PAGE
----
1st Edition

Culture, Politics and Race in the Making of Interpersonal Psychoanalysis Breaking Boundaries

Edited By Roger Frie, Pascal Sauvayre Copyright 2022
    292 Pages 11 B/W Illustrations
    by Routledge

    292 Pages 11 B/W Illustrations
    by Routledge

    Winner of the 2023 American Board & Academy of Psychoanalysis Book Prize!

    Culture, Politics and Race in the Making of Interpersonal Psychoanalysis traces the emergence of Interpersonal Psychoanalysis and demonstrates how the radical, cross-disciplinary dialogues that form its foundation are relevant to present-day social and cultural challenges.

    Psychoanalysts today are grappling with how to address a host of societal and political crises. In the 1930s, a similar set of crises led a group of progressive practitioners and scholars to engage in a radical, cross-disciplinary dialogue that became the foundation for Interpersonal Psychoanalysis. Pioneering psychoanalysts created a form of thought and practice that viewed human suffering through the wider lens of society and culture and provided a means to address the pervasive issues of racism, sexuality and politics in human experience. With contributions from leading psychoanalysts and scholars, and by making use of original sources, this book evidences the significance of this approach to understanding marginalisation today.

    Written in an open and accessible fashion, Culture, Politics and Race in the Making of Interpersonal Psychoanalysis demonstrates the importance of the early interpersonal-cultural school for the present moment. The book will appeal to a broad audience in psychoanalysis and psychotherapy, the history of medicine, and social and cultural theory.

    The Sociocultural Turn: An Introduction 

    Roger Frie and Pascal Sauvayre

    1. The Roots of Interpersonal Psychoanalysis: Harry S. Sullivan, Interdisciplinary Inquiry, and Subjectivity 

    Naoko Wake, Roger Frie and Pascal Sauvayre

    2. Anthropology and Psychoanalysis: A Lost Dialogue Over Time 

    Victoria Malkin 

    3. More Simply Human Than Otherwise: Interpersonal Psychoanalysis and the Field of the "Negro Problem" 

    Michelle Stephens

    4. The Philosophical Grounding of Interpersonal Psychoanalysis: Alfred Dunham Jr. and Racial Politics 

    Pascal Sauvayre

    5. Reproduction and Resistance: Psychoanalysis in the Midst of the Political Economy 

    Katharina Rothe

    6. Do Less Harm: Notes on Clinical Practice in the Age of Criminal Justice Reform 

    Julian Adler and Olivia Dana

    7. Immigrants in Our Own Country: Responsibility Towards the Past and Future of Interpersonal Psychoanalysis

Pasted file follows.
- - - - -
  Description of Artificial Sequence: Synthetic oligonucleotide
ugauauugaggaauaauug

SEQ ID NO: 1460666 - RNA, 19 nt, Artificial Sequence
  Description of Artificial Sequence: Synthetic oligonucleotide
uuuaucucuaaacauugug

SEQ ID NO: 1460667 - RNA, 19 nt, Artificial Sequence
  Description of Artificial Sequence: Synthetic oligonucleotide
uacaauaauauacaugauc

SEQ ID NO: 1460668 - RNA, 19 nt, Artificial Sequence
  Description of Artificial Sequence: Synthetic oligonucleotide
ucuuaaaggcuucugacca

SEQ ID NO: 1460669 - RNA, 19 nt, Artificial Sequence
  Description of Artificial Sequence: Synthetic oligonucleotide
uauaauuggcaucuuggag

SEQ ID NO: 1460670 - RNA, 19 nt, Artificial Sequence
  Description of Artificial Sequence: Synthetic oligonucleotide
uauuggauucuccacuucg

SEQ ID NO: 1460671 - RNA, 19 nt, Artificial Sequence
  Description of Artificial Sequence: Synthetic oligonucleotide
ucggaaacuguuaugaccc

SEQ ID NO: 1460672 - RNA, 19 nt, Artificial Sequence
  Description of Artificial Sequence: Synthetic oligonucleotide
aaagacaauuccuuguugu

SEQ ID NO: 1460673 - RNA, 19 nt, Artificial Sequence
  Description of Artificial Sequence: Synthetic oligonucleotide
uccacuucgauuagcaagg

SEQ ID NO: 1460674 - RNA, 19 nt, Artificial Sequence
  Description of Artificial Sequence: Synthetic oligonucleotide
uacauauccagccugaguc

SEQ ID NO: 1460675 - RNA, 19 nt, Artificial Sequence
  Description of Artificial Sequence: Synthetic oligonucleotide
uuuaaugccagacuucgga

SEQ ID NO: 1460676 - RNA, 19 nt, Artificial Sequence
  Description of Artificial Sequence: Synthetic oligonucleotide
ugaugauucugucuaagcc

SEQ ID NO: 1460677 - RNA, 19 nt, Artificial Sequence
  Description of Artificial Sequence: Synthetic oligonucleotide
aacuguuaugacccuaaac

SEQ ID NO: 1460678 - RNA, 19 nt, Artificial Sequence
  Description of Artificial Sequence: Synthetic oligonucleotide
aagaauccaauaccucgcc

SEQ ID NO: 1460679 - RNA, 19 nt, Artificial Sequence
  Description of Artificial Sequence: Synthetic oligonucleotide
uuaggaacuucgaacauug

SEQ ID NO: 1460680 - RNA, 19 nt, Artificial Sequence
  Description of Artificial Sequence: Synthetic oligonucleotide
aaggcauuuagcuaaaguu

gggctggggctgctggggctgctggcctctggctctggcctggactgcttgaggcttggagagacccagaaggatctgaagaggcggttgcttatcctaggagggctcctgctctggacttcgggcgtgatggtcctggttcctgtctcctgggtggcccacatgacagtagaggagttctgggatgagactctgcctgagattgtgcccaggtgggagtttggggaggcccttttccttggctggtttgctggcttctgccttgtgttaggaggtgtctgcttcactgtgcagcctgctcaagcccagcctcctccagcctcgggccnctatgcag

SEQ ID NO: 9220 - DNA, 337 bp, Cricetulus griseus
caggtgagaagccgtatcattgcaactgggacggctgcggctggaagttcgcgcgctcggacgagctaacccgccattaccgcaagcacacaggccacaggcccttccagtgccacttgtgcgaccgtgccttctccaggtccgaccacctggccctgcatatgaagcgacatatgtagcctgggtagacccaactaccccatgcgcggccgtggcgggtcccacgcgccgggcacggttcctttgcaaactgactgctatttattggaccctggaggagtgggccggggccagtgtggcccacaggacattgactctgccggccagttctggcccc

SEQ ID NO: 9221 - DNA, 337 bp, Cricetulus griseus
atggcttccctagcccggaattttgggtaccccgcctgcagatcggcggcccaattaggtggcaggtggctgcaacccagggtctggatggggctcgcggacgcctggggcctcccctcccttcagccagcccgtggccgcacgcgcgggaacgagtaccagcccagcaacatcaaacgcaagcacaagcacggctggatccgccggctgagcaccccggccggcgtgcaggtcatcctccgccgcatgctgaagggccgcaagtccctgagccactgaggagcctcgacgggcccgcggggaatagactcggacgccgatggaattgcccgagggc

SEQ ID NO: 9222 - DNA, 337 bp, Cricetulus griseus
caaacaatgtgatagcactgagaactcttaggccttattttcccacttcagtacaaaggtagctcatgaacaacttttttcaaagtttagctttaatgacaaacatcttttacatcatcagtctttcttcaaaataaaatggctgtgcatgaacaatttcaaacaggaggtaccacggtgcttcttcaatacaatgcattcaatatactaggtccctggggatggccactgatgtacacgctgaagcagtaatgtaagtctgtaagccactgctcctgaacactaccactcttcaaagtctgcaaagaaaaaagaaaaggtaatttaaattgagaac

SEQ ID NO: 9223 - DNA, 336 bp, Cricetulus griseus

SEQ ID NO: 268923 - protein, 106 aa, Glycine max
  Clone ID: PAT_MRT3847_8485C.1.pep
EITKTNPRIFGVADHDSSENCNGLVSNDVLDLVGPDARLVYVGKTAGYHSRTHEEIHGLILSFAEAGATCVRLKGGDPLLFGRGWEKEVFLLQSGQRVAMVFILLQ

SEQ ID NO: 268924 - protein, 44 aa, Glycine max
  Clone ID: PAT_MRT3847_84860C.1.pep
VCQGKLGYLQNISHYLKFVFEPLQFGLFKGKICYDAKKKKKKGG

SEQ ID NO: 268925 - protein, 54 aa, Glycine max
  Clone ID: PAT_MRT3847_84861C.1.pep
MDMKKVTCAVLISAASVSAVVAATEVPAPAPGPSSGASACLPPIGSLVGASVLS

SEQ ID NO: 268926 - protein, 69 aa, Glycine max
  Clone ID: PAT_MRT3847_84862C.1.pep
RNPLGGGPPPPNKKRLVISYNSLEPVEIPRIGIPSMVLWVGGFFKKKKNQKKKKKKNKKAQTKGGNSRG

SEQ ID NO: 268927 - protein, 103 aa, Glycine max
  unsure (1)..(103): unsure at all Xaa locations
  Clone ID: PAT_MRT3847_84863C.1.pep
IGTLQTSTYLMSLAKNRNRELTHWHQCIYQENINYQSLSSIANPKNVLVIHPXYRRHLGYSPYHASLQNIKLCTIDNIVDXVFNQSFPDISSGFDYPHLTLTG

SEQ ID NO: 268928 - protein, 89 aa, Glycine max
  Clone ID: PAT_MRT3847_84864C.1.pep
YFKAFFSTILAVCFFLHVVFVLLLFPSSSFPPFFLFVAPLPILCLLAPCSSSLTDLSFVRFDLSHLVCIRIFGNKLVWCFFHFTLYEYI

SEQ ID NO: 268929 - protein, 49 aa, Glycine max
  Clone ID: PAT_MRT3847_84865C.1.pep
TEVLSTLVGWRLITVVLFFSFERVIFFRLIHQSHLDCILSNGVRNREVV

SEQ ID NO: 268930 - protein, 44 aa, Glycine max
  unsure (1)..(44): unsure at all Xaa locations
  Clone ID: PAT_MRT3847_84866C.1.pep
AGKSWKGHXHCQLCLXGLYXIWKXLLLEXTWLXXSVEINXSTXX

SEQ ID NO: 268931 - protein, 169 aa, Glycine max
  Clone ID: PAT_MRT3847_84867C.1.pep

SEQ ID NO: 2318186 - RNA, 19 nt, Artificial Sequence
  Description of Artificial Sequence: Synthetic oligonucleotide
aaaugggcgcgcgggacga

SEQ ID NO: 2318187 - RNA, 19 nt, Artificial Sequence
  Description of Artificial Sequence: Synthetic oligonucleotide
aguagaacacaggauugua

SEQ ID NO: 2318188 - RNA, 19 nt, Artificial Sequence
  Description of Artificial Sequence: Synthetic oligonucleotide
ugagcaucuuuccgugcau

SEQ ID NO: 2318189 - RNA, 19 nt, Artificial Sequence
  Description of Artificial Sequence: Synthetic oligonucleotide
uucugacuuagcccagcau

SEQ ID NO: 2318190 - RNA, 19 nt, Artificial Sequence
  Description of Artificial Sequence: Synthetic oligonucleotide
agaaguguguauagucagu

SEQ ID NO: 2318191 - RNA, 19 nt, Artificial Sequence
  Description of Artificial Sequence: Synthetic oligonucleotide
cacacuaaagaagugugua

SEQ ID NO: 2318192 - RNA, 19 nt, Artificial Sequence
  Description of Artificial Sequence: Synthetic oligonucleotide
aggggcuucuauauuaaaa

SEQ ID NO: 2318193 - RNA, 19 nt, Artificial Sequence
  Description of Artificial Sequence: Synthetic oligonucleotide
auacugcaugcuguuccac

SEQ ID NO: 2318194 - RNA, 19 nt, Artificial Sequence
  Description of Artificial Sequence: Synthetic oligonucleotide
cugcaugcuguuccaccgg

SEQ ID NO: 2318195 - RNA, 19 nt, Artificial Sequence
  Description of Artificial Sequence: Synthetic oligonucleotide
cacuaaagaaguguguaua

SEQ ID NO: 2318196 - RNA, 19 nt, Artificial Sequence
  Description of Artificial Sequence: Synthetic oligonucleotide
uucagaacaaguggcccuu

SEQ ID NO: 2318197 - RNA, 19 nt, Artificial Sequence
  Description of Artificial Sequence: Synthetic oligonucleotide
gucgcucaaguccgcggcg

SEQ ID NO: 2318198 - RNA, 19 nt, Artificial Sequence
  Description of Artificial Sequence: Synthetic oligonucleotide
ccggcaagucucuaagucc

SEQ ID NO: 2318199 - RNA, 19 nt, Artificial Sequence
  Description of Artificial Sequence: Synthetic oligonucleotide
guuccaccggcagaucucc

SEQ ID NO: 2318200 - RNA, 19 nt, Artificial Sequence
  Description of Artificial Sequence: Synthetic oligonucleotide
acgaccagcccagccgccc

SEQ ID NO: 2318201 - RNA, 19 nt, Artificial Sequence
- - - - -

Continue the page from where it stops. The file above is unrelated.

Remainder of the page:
Orsolya Hunyady

    8. Considering the Radical Contributions of Clara Mabel Thompson 

    Ann D'Ercole

    9. Psychoanalysis in the Shadow of Fascisim and Genocide: Erich Fromm and the Interpersonal Tradition

    Roger Frie


    Roger Frie is Professor of Education, Simon Fraser University, Affiliate Professor of Psychiatry, University of British Columbia, Vancouver, and Faculty and Supervisor, William Alanson White Institute, New York. He is an award-winning author and has published many books on human interaction, historical responsibility and cultural memory.

    Pascal Sauvayre is faculty, supervising and training psychoanalyst at the William Alanson White Institute, New York. He studies and writes at the disciplinary boundaries of psychoanalysis, and he has a private practice in New York City.

    In this timely volume, Roger Frie and Pascal Sauvayre have gathered together a series of fascinating essays that take us back to a time when psychoanalysts engaged productively with the social sciences and the social world of their patients. The pioneering explorations of race, sexuality, and human relatedness chronicled here—many of them suppressed and forgotten—offer vivid testimony to the capaciousness and the radical possibilities of the interpersonal perspective in the clinical tradition. Full of unexpected pleasures, this book is a must-read for anyone concerned with the fate of psychoanalysis in our fractured world.

    Elizabeth Lunbeck, Professor of History of Science, Harvard University

    The authors of this text have made a tremendous contribution to contemporary psychoanalysis by reviving the early and forgotten contributions made by the Interpersonal School that speak critically to the conformist attitudes and values embedded within our current practice. It provides a critical link for conceptualizing our present racial, political, economic, and social {dis-ease} through a much-needed psychoanalytic lens. This book is well done and needs to be read by early career and senior analysts alike.

    Kirkland C. Vaughans, Derner School of Psychology, Adelphi University

    Finally! An insightful, politically-astute book that demonstrates the importance of interdisciplinary dialogue for addressing past and present issues of race, class and gender. Contributors look back to the pathbreaking first issue of the journal Psychiatry and examine a range of subjects from assimilation and conformity to criminal justice reform and the contemporary peril of fasicism. Frie and Sauvayre's book should be assigned throughout psychology programs—it is that important to our profession and our society.

    Philip Cushman, author of Constructing the Self, Constructing America